What are the best credit card rates right now?
Credit card offers change on a regular basis. But according to WalletHub’s database of 1,000+ cards, the Simmons Bank Visa Platinum currently offers the lowest rate available to the general public, at 8% (V).
Below, you can see how that compares to credit card rates market-wide.
Credit Card Rate Overview
- Best Credit Card Rate: 8.00% (Simmons Bank Visa Platinum)
- Average Rate for Existing Accounts: 12.41%
- Average Rate for New Offers: 18.16%
- Lowest Average Rate Since 1991: 11.82% (Aug. 2014)
Simmons Bank Visa Platinum isn’t the only low-interest-rate credit card available, though. A number of offers trail closely behind. Here are the five best credit card rates right now:
5 Best Credit Card Rates Right Now – Regular APR
You might be able to get a lower rate if you belong to a particular group, such as the Illinois State Police. That organization has five cards with regular APRs of 7.65% (V). Some cards also advertise a range of possible APRs, with the exact rate you get depending on your overall creditworthiness. For example, the USAA Rate Advantage Platinum Visa has an APR that could be as low as 7.40% or as high as 24.40%. But you can’t really count on getting a low-end rate from such cards.
You could also avoid interest entirely by using the right 0% APR credit card. The average 0% intro rate lasts for just under 10 months, according to WalletHub’s latest Credit Card Landscape Report. But you can get a whole lot longer than that from these offers:
Best Credit Card Rates – 0% Intro APR
If you’re not sure where your credit stands, you can check your latest credit score for free on WalletHub
Should I get the longest 0% APR period possible?
In general, yes. If your goal is to repay your entire balance by the time the card’s regular APR kicks in, a longer 0% period means lower monthly payments. But it’s not always so straightforward.
For starters, if you plan to carry a balance beyond the card’s 0% period, you’ll also need to factor the card’s regular APR into your calculations. And if the card with the longest 0% period also happens to have a very high APR, it might not end up being your best option. Similarly, if you’re interested in a 0% balance transfer credit card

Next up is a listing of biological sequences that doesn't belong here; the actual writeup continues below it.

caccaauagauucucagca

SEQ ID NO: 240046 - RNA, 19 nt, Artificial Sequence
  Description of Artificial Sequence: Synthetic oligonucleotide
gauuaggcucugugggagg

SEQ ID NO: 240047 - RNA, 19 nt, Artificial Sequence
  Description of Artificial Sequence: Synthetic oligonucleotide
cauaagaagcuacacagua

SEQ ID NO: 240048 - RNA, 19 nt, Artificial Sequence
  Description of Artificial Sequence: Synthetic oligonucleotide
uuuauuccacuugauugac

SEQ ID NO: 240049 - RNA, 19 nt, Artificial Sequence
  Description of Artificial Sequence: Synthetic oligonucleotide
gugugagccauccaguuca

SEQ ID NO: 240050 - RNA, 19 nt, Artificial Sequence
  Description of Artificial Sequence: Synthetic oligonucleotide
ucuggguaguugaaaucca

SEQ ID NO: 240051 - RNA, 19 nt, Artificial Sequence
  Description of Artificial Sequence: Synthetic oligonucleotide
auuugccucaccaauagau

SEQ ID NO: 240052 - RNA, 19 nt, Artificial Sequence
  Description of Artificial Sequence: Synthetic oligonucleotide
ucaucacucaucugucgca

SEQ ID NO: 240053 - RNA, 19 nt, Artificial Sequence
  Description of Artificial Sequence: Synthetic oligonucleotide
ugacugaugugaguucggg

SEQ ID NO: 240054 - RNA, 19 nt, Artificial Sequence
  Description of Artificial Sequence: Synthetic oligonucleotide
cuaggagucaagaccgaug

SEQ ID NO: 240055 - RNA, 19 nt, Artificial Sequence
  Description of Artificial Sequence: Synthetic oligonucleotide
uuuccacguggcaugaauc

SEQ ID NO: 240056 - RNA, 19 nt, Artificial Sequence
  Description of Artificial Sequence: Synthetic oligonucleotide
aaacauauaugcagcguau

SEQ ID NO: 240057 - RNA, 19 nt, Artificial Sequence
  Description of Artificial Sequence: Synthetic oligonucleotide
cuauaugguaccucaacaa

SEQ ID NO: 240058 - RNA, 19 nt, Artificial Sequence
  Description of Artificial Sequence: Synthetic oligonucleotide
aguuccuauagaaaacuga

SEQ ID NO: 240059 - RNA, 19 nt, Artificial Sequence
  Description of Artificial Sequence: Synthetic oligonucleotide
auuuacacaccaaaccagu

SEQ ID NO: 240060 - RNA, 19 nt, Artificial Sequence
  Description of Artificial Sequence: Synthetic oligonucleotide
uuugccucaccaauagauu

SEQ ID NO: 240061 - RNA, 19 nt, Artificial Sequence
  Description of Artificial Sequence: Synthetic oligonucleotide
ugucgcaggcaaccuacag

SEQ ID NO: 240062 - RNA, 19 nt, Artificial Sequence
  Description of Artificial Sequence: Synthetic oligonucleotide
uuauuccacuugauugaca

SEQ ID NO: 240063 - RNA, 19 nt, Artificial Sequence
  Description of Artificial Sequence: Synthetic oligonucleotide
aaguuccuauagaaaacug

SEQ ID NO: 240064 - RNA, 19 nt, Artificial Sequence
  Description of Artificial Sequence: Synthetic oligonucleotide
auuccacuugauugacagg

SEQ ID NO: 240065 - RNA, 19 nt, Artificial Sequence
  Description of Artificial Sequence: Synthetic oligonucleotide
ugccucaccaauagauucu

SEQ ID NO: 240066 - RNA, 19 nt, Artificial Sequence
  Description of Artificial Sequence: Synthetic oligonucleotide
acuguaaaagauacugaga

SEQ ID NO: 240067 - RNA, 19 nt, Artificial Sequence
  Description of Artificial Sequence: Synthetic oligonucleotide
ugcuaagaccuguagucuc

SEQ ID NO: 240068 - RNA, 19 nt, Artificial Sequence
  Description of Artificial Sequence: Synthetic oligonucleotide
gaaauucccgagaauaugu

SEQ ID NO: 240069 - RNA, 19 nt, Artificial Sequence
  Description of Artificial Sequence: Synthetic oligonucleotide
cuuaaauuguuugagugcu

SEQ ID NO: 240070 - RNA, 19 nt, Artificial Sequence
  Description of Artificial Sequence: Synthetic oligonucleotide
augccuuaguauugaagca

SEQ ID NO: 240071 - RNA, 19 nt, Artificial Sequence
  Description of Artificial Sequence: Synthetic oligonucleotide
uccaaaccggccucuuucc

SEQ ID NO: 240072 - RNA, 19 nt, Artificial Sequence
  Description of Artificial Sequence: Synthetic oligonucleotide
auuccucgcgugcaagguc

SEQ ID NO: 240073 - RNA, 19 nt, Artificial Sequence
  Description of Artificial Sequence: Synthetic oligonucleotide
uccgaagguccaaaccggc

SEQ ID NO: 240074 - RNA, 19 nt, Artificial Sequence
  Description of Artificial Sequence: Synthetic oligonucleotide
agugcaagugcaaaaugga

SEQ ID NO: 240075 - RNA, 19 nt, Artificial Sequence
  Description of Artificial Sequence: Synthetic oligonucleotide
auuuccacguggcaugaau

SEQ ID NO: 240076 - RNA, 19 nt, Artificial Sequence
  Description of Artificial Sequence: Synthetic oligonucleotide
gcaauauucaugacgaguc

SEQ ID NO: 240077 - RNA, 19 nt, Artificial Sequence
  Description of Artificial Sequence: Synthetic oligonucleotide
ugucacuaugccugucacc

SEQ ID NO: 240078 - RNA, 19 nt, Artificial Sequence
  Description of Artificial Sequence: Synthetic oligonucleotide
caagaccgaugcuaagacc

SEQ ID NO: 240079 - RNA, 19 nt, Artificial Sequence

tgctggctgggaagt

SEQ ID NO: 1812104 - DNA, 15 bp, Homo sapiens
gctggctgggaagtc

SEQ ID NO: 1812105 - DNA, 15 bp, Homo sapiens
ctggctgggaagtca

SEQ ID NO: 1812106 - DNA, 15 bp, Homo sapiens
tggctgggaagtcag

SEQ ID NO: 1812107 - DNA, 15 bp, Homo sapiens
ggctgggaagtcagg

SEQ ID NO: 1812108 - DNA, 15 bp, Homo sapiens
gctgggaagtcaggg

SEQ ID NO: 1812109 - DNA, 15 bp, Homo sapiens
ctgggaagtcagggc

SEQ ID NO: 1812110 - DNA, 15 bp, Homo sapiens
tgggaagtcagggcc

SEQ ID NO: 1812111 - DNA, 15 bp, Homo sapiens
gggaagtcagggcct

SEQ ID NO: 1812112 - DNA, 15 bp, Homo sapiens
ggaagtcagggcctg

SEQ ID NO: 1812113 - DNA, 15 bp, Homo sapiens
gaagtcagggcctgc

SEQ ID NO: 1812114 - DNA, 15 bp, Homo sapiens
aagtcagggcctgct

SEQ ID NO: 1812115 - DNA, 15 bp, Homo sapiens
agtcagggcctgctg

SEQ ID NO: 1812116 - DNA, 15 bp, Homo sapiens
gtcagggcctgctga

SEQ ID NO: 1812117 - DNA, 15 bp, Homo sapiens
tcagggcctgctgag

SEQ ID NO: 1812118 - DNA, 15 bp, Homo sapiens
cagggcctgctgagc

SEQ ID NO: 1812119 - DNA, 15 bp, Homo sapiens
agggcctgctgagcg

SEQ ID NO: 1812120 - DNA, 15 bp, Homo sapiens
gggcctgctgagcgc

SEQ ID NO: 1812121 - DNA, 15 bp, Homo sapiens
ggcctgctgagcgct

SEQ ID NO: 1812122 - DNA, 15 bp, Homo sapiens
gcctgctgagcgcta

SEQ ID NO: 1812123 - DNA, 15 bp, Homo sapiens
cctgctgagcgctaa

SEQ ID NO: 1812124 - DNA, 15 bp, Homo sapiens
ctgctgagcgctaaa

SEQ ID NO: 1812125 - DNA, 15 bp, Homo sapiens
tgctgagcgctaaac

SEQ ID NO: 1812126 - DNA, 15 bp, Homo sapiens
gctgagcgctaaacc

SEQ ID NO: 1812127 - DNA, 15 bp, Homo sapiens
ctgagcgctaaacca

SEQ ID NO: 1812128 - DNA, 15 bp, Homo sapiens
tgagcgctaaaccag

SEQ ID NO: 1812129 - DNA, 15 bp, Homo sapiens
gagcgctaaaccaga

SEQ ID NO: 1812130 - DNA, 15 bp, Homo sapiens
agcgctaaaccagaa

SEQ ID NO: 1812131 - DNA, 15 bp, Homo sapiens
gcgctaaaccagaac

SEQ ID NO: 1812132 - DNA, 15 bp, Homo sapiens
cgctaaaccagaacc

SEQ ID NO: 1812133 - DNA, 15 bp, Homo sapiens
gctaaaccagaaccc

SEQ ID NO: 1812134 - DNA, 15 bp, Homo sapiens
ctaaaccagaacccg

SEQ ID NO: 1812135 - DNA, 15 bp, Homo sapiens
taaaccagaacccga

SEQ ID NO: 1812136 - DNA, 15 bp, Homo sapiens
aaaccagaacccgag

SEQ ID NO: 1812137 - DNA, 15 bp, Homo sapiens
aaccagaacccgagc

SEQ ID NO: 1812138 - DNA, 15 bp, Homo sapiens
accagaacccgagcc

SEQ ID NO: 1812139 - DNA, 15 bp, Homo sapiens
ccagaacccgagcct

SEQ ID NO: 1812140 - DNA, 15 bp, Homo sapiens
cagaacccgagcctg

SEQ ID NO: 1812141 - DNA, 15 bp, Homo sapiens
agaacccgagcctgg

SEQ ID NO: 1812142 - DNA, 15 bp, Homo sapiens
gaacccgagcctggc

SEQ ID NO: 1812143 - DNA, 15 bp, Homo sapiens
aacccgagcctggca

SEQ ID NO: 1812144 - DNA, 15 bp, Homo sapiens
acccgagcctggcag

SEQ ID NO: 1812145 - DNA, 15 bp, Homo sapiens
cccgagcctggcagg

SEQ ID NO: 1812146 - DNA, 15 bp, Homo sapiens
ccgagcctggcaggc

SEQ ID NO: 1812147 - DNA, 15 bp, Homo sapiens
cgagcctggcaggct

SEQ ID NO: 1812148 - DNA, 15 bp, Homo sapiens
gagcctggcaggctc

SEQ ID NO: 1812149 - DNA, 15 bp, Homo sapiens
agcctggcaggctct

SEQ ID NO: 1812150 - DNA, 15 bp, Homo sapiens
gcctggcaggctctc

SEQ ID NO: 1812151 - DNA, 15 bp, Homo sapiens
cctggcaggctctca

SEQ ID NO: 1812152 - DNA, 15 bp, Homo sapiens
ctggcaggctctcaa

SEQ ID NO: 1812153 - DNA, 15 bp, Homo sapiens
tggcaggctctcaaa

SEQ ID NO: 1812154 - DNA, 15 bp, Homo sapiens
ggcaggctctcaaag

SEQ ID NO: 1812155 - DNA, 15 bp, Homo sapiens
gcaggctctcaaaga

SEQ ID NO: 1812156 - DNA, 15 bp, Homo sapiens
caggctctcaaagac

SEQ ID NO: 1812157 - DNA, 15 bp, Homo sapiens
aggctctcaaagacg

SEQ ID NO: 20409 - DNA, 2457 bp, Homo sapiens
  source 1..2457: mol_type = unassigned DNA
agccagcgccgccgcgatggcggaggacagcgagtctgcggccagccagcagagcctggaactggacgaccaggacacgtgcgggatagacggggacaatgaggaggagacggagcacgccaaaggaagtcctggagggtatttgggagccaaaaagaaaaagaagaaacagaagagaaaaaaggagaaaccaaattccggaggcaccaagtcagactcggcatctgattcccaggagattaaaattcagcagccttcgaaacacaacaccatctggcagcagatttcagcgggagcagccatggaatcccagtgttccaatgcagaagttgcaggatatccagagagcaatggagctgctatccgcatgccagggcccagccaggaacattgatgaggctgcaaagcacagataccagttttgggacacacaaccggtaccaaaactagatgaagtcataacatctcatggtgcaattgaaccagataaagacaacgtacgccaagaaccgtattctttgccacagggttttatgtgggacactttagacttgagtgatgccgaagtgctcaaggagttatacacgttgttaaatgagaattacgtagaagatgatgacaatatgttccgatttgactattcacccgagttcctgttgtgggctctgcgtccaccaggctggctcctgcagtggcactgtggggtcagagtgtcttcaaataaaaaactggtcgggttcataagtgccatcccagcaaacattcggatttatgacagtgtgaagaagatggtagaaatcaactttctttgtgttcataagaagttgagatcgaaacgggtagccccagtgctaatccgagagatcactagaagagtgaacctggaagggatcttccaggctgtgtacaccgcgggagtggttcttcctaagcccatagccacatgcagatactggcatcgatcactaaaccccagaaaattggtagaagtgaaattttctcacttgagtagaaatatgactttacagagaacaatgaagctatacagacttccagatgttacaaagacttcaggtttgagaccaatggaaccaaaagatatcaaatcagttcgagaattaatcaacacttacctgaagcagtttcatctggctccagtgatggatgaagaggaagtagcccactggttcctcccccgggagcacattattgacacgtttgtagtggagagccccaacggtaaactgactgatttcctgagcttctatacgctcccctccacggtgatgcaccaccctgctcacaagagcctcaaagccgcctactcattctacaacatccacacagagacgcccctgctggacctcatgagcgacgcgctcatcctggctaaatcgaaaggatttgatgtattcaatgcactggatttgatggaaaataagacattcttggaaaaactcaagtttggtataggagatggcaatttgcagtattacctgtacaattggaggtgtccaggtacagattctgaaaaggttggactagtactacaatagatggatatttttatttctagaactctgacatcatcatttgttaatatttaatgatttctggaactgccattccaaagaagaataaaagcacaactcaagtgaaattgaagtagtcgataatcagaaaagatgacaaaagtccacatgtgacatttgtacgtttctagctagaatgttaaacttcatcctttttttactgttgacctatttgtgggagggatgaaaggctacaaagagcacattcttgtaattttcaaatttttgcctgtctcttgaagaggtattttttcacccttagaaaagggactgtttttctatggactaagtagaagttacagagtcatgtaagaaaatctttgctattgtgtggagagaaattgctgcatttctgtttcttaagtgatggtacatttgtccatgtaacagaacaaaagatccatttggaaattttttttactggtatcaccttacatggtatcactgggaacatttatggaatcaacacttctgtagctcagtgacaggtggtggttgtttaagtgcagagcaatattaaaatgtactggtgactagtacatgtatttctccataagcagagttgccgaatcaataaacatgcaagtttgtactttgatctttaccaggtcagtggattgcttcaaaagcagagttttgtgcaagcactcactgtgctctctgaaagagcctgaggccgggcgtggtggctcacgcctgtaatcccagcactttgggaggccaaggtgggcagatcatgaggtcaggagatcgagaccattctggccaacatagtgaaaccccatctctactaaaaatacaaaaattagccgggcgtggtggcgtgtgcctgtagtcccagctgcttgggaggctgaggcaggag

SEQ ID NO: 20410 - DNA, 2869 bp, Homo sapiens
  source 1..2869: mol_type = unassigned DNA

, you’ll also need to consider balance-transfer fees. You can use WalletHub’s Credit Card Payoff Calculator
to see which card offers the best overall package for your particular needs.
Finally, it’s important to note that while a long 0% period is always eye-catching, you should be cautious when it comes from a specific retailer. According to WalletHub research, all of the major retailers with 0% financing use a feature called deferred interest
. That means interest can retroactively apply to your entire original purchase amount if you’re late with a monthly payment or you don’t repay your full balance by the end of the intro period. As a result, you’re generally better off getting a 0% general-consumer credit card, even if the 0% term isn’t quite as long.
What if I pay my bill in full every month?
If you pay your bill in full every month, you should get the best rewards credit card possible, based on your current credit standing and spending habits. You can check your latest credit score and get a personalized credit card recommendation by signing up for a free WalletHub account
With that being said, you should never try to do everything with a single card. So if you’re planning to make a big-ticket purchase that will take longer than a single billing period to repay, you could save a lot of money by using a 0% credit card instead of your everyday rewards card. After all, the average credit card offer has a regular APR of 18.16%,
What is the average interest rate on a credit card?
The average interest rate for a new credit card offer is 18.16%, according to WalletHub’s latest Credit Card Landscape Report
People with excellent credit can expect the best credit card rates. And the average credit card for excellent credit currently charges 13.16%.
Store cards, on the other hand, have one of the highest average rates, at 24.30%.
These are all good benchmarks to use when comparing credit card offers.